are air purifiers safe for cats

Are Air Purifiers Safe For Cats?

I have two cats. Both girls. One is named Lucky and one is named Merida.

They are both rescue cats brought home by my lovely wife who is a bleeding-heart mercenary who’s also populated our home with two dogs and two rats.

At any given moment, When I am at home, I have a cat sitting in my lap or draped across my chest when I’m laying down.

I also have two air purifiers. One air purifier is a HEPA filter type and my other air purifier is a photocatalytic oxidation air purifier.

Cats tend to be into everything, so safety is a concern not only for the cats but also for the humans that have to live with the cats.

Are air purifiers safe for cats?

HEPA Air purifiers are absolutely safe for cats. They work by pulling air through a series of filters that capture the pollutants out of the air. That simple. Nothing that could harm a cat.

Almost nothing. If your cat has a habit of sitting on top of the air purifier or sleeping right next to it then there is the possibility that the cat is inhaling a lot of garbage that is being pulled toward him or her by the air purifier.

In other words, by sitting where the air purifier is, he or she could be a direct target.

Also if the air purifier has not been maintained and the filter is extra dirty, sleeping right next to the air purifier would mean being exposed to the germs on the filter.

Are air purifiers harmful to catsHonestly my cats don’t seem too interested in the air purifier and I haven’t noticed them sleeping next to it.

Another concern might be the electrical cord. But no more so than any other appliance. Cats don’t seem too interested in extension cords either.

My other air purifier is a PCO air purifier. That stands for photo catalytic oxidation.

That air purifier is more like an air treatment than it is a fan.

The PCO air purifier has a lot more potential to be dangerous to animals for a couple of reasons.

One it has a glowing blue UV light illuminating out of the top of it.

Staring at it is about like staring at the sun. It will eventually burn your eyes.

I don’t put it past the cats to stare at the bulb.

And two, it creates ozone is a by-product. You can smell it every time the ozone interacts with any pollution in the air.

It’s not a rash amount of ozone but ozone and still ozone and it can build up in a confined area.

Ozone is a known lung irritant go cats may have nine lives I’m not sure that means they have 9 sets of lungs.

Regardless of whether or not the machine creates a lot of ozone or not, it is technically still a ozone generator since ozone is being generated.

And to me that puts it in a different category than the HEPA cleaner.

Two different types of air purifiers

  1. One that you can set it up and leave it on.
  2. And one that you run when there’s no one home.

PCO is a run it when there’s no one home type.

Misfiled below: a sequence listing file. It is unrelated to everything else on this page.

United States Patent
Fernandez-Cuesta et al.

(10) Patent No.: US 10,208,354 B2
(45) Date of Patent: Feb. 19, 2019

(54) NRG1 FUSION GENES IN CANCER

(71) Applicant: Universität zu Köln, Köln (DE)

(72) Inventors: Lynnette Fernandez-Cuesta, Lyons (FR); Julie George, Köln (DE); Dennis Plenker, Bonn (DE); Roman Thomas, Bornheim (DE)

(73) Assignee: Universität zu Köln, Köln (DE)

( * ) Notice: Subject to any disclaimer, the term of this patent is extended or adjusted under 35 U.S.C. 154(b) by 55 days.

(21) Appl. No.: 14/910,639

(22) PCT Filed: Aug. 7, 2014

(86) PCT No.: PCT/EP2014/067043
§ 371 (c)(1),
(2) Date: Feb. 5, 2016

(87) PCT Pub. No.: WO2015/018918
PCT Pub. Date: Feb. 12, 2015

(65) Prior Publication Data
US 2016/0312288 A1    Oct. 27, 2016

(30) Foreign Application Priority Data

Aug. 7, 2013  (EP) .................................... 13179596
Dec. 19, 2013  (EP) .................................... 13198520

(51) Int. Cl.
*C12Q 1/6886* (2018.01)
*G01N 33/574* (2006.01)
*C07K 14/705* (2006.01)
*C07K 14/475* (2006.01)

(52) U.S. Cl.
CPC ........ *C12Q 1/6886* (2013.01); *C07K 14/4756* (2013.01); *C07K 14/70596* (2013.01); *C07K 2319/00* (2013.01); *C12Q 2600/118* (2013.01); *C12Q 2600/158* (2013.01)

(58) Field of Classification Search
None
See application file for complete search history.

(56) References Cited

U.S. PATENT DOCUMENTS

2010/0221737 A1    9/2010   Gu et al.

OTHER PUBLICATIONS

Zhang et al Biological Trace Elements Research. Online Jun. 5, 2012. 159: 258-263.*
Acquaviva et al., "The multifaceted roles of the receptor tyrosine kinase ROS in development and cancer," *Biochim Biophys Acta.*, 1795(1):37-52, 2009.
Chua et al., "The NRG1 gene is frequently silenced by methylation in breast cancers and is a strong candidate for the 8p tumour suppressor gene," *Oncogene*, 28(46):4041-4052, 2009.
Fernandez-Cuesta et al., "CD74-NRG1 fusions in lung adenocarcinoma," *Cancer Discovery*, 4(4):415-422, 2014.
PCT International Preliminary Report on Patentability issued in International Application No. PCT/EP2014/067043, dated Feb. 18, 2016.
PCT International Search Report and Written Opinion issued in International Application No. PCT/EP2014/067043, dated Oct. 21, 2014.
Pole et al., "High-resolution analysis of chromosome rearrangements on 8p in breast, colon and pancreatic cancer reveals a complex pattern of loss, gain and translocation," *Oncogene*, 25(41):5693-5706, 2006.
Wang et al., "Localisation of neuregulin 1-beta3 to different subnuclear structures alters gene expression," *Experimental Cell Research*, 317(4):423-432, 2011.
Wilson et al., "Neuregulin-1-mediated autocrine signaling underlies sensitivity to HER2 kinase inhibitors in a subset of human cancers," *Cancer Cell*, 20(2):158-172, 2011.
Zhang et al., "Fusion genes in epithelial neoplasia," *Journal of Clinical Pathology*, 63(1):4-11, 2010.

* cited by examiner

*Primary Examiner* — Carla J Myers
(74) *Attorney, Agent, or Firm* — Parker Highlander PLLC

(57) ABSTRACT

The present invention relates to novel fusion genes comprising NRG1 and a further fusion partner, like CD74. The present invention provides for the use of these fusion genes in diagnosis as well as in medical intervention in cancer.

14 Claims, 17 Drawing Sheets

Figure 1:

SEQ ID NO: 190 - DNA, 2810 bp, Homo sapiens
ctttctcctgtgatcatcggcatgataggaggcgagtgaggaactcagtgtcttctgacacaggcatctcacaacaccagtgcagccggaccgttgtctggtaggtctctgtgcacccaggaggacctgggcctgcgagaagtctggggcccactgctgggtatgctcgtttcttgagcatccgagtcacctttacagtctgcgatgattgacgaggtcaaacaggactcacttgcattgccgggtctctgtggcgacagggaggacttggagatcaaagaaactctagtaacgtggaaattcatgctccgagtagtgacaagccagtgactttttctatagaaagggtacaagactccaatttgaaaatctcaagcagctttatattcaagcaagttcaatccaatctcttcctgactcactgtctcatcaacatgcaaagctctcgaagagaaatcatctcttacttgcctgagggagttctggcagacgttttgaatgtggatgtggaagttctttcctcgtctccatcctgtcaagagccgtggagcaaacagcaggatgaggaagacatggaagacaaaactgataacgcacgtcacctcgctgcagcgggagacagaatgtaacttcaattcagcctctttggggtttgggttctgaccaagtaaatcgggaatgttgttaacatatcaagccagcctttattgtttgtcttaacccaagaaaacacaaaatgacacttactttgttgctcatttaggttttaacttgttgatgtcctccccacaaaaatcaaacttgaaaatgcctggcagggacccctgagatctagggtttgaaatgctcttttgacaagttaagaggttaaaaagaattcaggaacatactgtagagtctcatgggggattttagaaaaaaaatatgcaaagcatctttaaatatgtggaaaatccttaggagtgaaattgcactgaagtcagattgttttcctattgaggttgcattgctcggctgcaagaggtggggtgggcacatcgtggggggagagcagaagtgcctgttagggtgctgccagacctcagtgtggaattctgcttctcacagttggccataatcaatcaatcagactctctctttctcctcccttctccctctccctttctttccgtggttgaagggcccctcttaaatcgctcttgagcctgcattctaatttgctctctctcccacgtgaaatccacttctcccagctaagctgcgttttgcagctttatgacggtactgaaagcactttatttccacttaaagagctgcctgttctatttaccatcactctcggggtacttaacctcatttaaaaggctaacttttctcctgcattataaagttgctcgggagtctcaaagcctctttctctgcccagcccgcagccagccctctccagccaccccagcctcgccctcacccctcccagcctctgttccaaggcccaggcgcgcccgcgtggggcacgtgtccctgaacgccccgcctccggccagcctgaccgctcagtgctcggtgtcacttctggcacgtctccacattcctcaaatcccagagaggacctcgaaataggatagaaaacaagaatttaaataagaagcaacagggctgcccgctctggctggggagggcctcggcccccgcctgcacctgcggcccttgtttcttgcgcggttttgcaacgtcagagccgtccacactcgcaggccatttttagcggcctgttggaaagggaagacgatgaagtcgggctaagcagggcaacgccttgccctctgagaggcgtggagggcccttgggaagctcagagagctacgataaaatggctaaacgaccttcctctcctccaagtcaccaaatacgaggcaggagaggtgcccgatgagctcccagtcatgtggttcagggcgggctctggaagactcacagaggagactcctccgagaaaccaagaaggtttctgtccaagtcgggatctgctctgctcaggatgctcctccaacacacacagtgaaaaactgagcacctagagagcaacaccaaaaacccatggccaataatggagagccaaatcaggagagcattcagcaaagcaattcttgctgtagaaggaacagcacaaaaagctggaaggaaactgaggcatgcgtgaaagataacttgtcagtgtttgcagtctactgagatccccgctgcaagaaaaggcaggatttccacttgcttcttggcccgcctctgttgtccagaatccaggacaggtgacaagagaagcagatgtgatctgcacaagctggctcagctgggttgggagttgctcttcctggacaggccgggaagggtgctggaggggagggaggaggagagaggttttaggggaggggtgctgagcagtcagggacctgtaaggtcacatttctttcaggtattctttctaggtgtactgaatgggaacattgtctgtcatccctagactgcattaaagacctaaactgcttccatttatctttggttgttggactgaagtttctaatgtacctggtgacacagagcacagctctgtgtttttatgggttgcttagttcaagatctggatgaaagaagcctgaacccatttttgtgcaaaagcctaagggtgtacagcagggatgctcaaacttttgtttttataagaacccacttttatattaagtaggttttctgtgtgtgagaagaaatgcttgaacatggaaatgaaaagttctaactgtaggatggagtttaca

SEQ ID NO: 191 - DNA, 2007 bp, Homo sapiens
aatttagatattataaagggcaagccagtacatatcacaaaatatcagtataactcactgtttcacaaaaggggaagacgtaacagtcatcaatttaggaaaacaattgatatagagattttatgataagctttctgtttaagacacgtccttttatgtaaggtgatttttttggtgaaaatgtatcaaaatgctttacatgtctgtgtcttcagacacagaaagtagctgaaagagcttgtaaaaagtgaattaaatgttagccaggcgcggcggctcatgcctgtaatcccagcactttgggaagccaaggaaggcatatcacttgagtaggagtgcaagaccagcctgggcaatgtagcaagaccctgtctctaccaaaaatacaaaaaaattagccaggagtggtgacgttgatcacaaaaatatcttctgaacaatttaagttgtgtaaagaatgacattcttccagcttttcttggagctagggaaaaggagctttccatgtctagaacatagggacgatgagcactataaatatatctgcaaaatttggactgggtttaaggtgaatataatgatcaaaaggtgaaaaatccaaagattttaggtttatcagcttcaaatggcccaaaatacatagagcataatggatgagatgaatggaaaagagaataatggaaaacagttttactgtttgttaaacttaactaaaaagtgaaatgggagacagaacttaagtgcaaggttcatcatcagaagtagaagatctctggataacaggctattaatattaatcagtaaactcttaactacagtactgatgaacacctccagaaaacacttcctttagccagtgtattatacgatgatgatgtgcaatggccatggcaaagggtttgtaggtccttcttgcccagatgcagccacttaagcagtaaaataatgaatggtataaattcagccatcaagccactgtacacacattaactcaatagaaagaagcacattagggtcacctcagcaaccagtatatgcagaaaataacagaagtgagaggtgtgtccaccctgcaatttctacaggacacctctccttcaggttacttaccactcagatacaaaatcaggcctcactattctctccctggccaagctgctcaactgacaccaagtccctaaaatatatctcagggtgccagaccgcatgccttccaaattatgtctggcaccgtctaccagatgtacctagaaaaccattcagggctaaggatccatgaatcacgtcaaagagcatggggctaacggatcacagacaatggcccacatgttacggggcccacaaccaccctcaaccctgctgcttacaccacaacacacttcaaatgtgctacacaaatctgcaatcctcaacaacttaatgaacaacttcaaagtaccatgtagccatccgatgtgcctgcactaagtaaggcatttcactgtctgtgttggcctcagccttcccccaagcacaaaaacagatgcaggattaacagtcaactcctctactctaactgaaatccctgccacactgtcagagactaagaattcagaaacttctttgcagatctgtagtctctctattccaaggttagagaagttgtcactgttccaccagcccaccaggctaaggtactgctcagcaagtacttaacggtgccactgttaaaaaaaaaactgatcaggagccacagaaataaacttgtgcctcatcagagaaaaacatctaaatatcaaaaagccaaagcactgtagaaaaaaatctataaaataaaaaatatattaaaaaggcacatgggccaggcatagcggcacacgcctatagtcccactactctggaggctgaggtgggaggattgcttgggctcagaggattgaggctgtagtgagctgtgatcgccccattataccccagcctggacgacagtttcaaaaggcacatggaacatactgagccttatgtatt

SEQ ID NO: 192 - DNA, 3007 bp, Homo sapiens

And that includes the animals. They go outside or in the garage when I use that air purifier.

It sounds like more of a hassle then the HEPA filter,

But you have to remember, PCO air purifiers do something that HEPA purifiers can’t.
They actually disinfect the air as well as the surface is in the room.
Also they don’t use a filter and that’s a big plus.

But if I had to decide on one or the other, I would go with the HEPA filter air purifier over the photocatalytic oxidation air purifier for animals.

Not only for the cat’s sake but for my sake too.
Though the PCO air purifier is better at getting rid of pet dander it doesn’t do much of anything for pet hair.

The reason is, it is essentially an ionic air purifier the charges the air and clumps the particles together.
When the particles get heavy enough they fall to the surface.

When you’re talking about cats, cat hair is one of the worst things about having felines.

To help control cat hair, you have to have a filter to catch it. Ions can’t cut it.

Also by reducing the amount of cat hair, you are reducing the pet dander
Because dander is actually bacteria on the hair the gets there by the cat licking itself.

Conclusion

Air purifiers are safe for cats as long as you are using a HEPA filter type. HEPA filters basically capture pollutants being pulled into them by a fan. Nothing harmful for cats.

Other air purifiers like photocatalytic oxidation work more as an air treatment. It’s because they use ionic technologies that create ozone as a by-product.

They are very efficient because they are not just capturing pollution, they are disinfecting the air as well as the services around the machine.

But because they create ozone as a by-product, operating them in the same room as animals or humans can result in breathing issues.

Ozone is better left to only using it in an unoccupied room and letting it air  completely out.

As far as a air purifier for Cats goes, the HEPA air purifier is the better choice.

The reason is, cat hair.

PCO ionic air purifiers don’t do much of nothing for hair.

Filtering air purifiers can reduce cat hair thereby reducing the pet dander that is on the hair.

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